Interpersonal Rejection

Interpersonal Rejection

3.86 (15 ratings by Goodreads)
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Description

Interpersonal rejection ranks among the most potent and distressing events that people experience. Romantic rejection, ostracism, stigmatization, job termination, and other kinds of rejections have the power to compromise the quality of people's lives. As a result, people are highly motivated to avoid social rejection, and, indeed, much of human behavior appears to be desinged to avoid such experiences. Yet, despite the widespread effects of real, anticipated, and even imagined rejections, psychologists have devoted only passing attention to the topic, and the research on rejection has been scattered throughout a number of psychological subspecialties (e.g., social, clinical, developmental, personality). In the past few years, however, we have seen a surge of interest in the effects of interpersonal rejection on behavior and emotion. The goal of this book is to pull together contributions of several writers whose work is on the cutting edge of rejection research, providing a readable overview of recent advances in the area. In doing so, it not only provides a look at the current state of the area but helps to establish the topic of rejection as an identifiable area for future research. Topics covered in the book include: ostracism, unrequited love, betrayal, stigmatization, rejection sensitivity, rejection and self-esteem, peer rejection in childhood, emotional responses to rejection, and personality moderators of reactions to rejection.show more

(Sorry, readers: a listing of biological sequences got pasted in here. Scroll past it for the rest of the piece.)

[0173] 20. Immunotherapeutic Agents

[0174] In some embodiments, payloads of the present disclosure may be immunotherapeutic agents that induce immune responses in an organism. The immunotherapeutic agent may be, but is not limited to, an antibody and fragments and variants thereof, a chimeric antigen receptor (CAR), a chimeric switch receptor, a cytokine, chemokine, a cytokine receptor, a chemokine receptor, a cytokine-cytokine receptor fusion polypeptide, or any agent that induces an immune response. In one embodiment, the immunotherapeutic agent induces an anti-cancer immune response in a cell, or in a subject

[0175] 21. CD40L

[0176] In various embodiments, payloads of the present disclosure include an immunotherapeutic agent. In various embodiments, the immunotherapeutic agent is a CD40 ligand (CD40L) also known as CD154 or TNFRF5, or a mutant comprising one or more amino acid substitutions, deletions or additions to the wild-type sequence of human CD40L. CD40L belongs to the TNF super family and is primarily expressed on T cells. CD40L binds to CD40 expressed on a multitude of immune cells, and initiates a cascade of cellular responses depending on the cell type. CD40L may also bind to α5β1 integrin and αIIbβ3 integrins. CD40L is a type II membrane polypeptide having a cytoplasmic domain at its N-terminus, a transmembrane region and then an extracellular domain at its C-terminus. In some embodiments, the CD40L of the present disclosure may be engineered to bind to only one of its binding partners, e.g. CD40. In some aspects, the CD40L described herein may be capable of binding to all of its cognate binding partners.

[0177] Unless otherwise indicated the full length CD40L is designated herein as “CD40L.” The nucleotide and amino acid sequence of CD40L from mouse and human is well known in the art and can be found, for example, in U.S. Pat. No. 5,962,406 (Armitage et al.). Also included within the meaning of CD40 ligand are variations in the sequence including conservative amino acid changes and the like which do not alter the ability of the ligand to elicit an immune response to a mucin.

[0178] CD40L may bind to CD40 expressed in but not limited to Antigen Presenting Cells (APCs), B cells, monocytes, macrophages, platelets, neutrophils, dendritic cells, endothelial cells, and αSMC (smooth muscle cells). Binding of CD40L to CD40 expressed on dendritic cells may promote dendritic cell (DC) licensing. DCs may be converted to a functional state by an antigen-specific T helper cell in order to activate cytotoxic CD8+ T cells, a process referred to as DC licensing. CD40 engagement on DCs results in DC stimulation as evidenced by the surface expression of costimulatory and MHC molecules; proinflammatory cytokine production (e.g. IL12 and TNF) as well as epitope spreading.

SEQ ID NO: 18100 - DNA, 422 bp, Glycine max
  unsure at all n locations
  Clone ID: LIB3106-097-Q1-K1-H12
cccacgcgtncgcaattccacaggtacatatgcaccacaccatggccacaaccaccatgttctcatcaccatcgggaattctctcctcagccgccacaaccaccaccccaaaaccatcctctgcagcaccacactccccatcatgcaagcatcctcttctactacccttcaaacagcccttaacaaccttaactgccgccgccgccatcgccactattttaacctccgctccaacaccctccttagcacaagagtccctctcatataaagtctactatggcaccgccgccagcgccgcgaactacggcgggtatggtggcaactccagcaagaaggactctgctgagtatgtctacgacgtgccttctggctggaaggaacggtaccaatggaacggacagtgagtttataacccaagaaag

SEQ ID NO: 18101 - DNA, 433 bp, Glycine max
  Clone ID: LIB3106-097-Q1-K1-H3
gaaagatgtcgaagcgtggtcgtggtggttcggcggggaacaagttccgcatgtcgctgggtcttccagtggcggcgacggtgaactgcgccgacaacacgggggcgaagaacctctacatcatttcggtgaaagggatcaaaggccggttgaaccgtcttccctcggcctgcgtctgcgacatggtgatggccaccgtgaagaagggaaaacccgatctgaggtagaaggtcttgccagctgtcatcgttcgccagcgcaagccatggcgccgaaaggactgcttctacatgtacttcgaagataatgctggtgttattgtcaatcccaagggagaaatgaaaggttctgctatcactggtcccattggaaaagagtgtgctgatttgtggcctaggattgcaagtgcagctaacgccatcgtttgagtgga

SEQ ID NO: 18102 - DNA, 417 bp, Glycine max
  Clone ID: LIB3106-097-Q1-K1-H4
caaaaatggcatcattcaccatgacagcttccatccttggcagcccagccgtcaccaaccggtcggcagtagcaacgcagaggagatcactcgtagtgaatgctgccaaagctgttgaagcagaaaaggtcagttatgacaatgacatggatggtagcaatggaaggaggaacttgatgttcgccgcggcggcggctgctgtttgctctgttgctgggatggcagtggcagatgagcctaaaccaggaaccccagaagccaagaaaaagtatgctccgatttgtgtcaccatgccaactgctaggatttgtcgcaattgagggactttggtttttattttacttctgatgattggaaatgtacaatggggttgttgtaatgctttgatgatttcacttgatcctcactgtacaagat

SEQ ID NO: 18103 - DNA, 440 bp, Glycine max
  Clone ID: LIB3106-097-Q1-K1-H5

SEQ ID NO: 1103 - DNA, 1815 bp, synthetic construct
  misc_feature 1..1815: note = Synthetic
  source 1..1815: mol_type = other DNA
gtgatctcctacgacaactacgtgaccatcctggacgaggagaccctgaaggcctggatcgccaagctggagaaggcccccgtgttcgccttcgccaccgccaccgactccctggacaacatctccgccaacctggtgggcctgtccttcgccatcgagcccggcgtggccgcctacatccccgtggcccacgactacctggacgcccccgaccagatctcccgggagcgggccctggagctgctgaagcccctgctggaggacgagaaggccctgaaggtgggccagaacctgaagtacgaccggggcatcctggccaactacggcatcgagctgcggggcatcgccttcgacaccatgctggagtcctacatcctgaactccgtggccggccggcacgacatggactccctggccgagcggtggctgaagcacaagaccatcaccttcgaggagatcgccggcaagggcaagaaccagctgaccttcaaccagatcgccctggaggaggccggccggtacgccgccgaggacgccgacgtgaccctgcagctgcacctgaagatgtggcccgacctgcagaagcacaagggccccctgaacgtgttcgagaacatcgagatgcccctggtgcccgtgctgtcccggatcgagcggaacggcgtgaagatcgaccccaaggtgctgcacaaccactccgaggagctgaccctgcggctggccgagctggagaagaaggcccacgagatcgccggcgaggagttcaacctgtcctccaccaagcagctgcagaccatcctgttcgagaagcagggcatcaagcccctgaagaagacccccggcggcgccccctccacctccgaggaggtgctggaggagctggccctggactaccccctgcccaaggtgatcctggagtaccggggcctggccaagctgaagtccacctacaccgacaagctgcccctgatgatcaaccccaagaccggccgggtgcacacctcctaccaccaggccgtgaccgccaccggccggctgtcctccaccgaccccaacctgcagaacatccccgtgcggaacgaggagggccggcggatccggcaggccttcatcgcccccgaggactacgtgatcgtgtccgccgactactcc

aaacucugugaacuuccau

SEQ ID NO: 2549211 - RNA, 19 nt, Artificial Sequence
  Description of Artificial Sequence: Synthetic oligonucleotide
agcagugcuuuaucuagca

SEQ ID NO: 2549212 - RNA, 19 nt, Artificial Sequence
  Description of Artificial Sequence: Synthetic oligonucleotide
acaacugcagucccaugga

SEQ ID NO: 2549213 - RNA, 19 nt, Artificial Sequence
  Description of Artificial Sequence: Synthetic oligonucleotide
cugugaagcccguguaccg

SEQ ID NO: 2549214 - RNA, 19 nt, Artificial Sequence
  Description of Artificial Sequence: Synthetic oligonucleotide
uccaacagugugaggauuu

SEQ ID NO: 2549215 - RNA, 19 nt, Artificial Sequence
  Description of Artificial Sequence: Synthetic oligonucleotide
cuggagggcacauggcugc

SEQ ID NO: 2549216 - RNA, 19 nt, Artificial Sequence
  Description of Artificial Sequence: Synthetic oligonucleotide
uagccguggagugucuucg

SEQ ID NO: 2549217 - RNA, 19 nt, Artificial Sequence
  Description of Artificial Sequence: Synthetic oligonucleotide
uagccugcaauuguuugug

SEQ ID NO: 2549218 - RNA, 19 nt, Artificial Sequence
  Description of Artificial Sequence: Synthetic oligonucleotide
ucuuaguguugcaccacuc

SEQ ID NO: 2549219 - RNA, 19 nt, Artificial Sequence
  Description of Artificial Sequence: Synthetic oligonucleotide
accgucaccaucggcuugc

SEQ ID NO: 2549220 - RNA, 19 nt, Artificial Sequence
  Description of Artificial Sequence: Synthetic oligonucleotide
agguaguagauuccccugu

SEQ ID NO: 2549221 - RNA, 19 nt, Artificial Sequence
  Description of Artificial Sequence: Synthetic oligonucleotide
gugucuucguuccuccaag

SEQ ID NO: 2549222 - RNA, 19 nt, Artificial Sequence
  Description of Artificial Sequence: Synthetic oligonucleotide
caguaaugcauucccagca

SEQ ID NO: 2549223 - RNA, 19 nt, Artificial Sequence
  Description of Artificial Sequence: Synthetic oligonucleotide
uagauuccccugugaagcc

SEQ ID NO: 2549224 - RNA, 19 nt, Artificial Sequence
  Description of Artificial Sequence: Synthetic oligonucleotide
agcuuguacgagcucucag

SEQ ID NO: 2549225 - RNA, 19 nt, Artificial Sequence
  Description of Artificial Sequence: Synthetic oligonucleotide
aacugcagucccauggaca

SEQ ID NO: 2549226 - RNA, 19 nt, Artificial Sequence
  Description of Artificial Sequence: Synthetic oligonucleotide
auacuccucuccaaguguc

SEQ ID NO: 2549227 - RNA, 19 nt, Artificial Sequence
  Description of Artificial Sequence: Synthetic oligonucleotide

Product details

  • Hardback | 356 pages
  • 43.18 x 172.72 x 43.18mm | 22.68g
  • Oxford University Press Inc
  • New York, United States
  • English
  • 6 tables and 2 figures
  • 0195130146
  • 9780195130140

Review quote

"What is new here is bringing together in one volume the combined perspectives of social psychologists, developomental psychologists, and personality psychologists in a concerted effort to understand the impact of interpersonal rejection in its different froms on its targets.... Leary and his contributors provide a remarkably impressive picture of contemprorary psychological research on interpersonal rejection."--Contemporary Psychologyshow more

About Mark R. Leary

Mark R. Leary is Professor of Psychology at Wake Forest University.show more

Rating details

15 ratings
3.86 out of 5 stars
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4 47% (7)
3 33% (5)
2 0% (0)
1 0% (0)
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